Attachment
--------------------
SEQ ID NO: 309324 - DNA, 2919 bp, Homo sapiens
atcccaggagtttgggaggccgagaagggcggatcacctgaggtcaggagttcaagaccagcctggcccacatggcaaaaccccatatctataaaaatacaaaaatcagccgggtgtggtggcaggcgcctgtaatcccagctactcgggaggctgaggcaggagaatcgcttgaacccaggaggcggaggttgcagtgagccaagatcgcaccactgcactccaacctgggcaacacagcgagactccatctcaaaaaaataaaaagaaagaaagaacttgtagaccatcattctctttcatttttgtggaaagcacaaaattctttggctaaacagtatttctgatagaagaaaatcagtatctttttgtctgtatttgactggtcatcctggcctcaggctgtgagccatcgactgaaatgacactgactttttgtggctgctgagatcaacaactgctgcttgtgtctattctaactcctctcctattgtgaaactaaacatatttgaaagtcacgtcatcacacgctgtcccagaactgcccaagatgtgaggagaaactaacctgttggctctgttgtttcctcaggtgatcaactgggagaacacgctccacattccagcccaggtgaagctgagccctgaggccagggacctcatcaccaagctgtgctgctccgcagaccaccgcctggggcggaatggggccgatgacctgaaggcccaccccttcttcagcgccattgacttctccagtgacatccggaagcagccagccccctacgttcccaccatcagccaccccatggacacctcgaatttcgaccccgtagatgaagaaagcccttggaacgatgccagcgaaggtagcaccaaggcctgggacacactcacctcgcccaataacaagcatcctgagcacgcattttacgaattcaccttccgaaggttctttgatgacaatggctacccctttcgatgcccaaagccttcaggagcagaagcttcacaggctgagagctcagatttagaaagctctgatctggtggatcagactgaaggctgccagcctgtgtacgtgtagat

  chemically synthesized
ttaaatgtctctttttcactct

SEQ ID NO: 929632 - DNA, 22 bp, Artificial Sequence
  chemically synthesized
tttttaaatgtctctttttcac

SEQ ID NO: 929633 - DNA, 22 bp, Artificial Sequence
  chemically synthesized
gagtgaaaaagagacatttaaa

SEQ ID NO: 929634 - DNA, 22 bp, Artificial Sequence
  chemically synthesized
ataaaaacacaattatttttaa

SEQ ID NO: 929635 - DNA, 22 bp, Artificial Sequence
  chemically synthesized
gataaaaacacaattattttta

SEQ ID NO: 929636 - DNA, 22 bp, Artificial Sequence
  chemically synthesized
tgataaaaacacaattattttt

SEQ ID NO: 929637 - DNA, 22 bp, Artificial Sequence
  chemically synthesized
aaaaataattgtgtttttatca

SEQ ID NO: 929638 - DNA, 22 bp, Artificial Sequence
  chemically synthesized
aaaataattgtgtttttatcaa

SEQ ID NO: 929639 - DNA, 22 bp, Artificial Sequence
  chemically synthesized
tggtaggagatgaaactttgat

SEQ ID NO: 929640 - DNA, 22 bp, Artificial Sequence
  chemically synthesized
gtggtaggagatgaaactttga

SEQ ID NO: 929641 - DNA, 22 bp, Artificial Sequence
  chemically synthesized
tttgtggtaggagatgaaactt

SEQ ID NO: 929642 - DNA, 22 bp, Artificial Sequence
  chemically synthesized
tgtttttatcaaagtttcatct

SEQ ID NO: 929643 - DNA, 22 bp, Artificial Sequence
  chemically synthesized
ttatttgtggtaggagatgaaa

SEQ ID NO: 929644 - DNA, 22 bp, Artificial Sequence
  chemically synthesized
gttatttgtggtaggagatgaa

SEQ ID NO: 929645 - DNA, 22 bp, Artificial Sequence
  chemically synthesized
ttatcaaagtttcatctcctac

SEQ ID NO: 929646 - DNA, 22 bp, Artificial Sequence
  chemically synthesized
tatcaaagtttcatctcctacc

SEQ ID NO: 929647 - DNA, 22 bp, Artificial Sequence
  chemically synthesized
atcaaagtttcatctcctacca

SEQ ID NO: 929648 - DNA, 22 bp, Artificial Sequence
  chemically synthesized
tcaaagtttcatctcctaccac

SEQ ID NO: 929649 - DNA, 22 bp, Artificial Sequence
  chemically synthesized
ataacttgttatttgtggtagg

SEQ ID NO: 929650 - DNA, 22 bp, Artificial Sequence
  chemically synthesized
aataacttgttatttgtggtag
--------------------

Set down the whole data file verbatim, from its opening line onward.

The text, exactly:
SEQ ID NO: 309324 - DNA, 2919 bp, Homo sapiens
atcccaggagtttgggaggccgagaagggcggatcacctgaggtcaggagttcaagaccagcctggcccacatggcaaaaccccatatctataaaaatacaaaaatcagccgggtgtggtggcaggcgcctgtaatcccagctactcgggaggctgaggcaggagaatcgcttgaacccaggaggcggaggttgcagtgagccaagatcgcaccactgcactccaacctgggcaacacagcgagactccatctcaaaaaaataaaaagaaagaaagaacttgtagaccatcattctctttcatttttgtggaaagcacaaaattctttggctaaacagtatttctgatagaagaaaatcagtatctttttgtctgtatttgactggtcatcctggcctcaggctgtgagccatcgactgaaatgacactgactttttgtggctgctgagatcaacaactgctgcttgtgtctattctaactcctctcctattgtgaaactaaacatatttgaaagtcacgtcatcacacgctgtcccagaactgcccaagatgtgaggagaaactaacctgttggctctgttgtttcctcaggtgatcaactgggagaacacgctccacattccagcccaggtgaagctgagccctgaggccagggacctcatcaccaagctgtgctgctccgcagaccaccgcctggggcggaatggggccgatgacctgaaggcccaccccttcttcagcgccattgacttctccagtgacatccggaagcagccagccccctacgttcccaccatcagccaccccatggacacctcgaatttcgaccccgtagatgaagaaagcccttggaacgatgccagcgaaggtagcaccaaggcctgggacacactcacctcgcccaataacaagcatcctgagcacgcattttacgaattcaccttccgaaggttctttgatgacaatggctacccctttcgatgcccaaagccttcaggagcagaagcttcacaggctgagagctcagatttagaaagctctgatctggtggatcagactgaaggctgccagcctgtgtacgtgtagat

  chemically synthesized
ttaaatgtctctttttcactct

SEQ ID NO: 929632 - DNA, 22 bp, Artificial Sequence
  chemically synthesized
tttttaaatgtctctttttcac

SEQ ID NO: 929633 - DNA, 22 bp, Artificial Sequence
  chemically synthesized
gagtgaaaaagagacatttaaa

SEQ ID NO: 929634 - DNA, 22 bp, Artificial Sequence
  chemically synthesized
ataaaaacacaattatttttaa

SEQ ID NO: 929635 - DNA, 22 bp, Artificial Sequence
  chemically synthesized
gataaaaacacaattattttta

SEQ ID NO: 929636 - DNA, 22 bp, Artificial Sequence
  chemically synthesized
tgataaaaacacaattattttt

SEQ ID NO: 929637 - DNA, 22 bp, Artificial Sequence
  chemically synthesized
aaaaataattgtgtttttatca

SEQ ID NO: 929638 - DNA, 22 bp, Artificial Sequence
  chemically synthesized
aaaataattgtgtttttatcaa

SEQ ID NO: 929639 - DNA, 22 bp, Artificial Sequence
  chemically synthesized
tggtaggagatgaaactttgat

SEQ ID NO: 929640 - DNA, 22 bp, Artificial Sequence
  chemically synthesized
gtggtaggagatgaaactttga

SEQ ID NO: 929641 - DNA, 22 bp, Artificial Sequence
  chemically synthesized
tttgtggtaggagatgaaactt

SEQ ID NO: 929642 - DNA, 22 bp, Artificial Sequence
  chemically synthesized
tgtttttatcaaagtttcatct

SEQ ID NO: 929643 - DNA, 22 bp, Artificial Sequence
  chemically synthesized
ttatttgtggtaggagatgaaa

SEQ ID NO: 929644 - DNA, 22 bp, Artificial Sequence
  chemically synthesized
gttatttgtggtaggagatgaa

SEQ ID NO: 929645 - DNA, 22 bp, Artificial Sequence
  chemically synthesized
ttatcaaagtttcatctcctac

SEQ ID NO: 929646 - DNA, 22 bp, Artificial Sequence
  chemically synthesized
tatcaaagtttcatctcctacc

SEQ ID NO: 929647 - DNA, 22 bp, Artificial Sequence
  chemically synthesized
atcaaagtttcatctcctacca

SEQ ID NO: 929648 - DNA, 22 bp, Artificial Sequence
  chemically synthesized
tcaaagtttcatctcctaccac

SEQ ID NO: 929649 - DNA, 22 bp, Artificial Sequence
  chemically synthesized
ataacttgttatttgtggtagg

SEQ ID NO: 929650 - DNA, 22 bp, Artificial Sequence
  chemically synthesized
aataacttgttatttgtggtag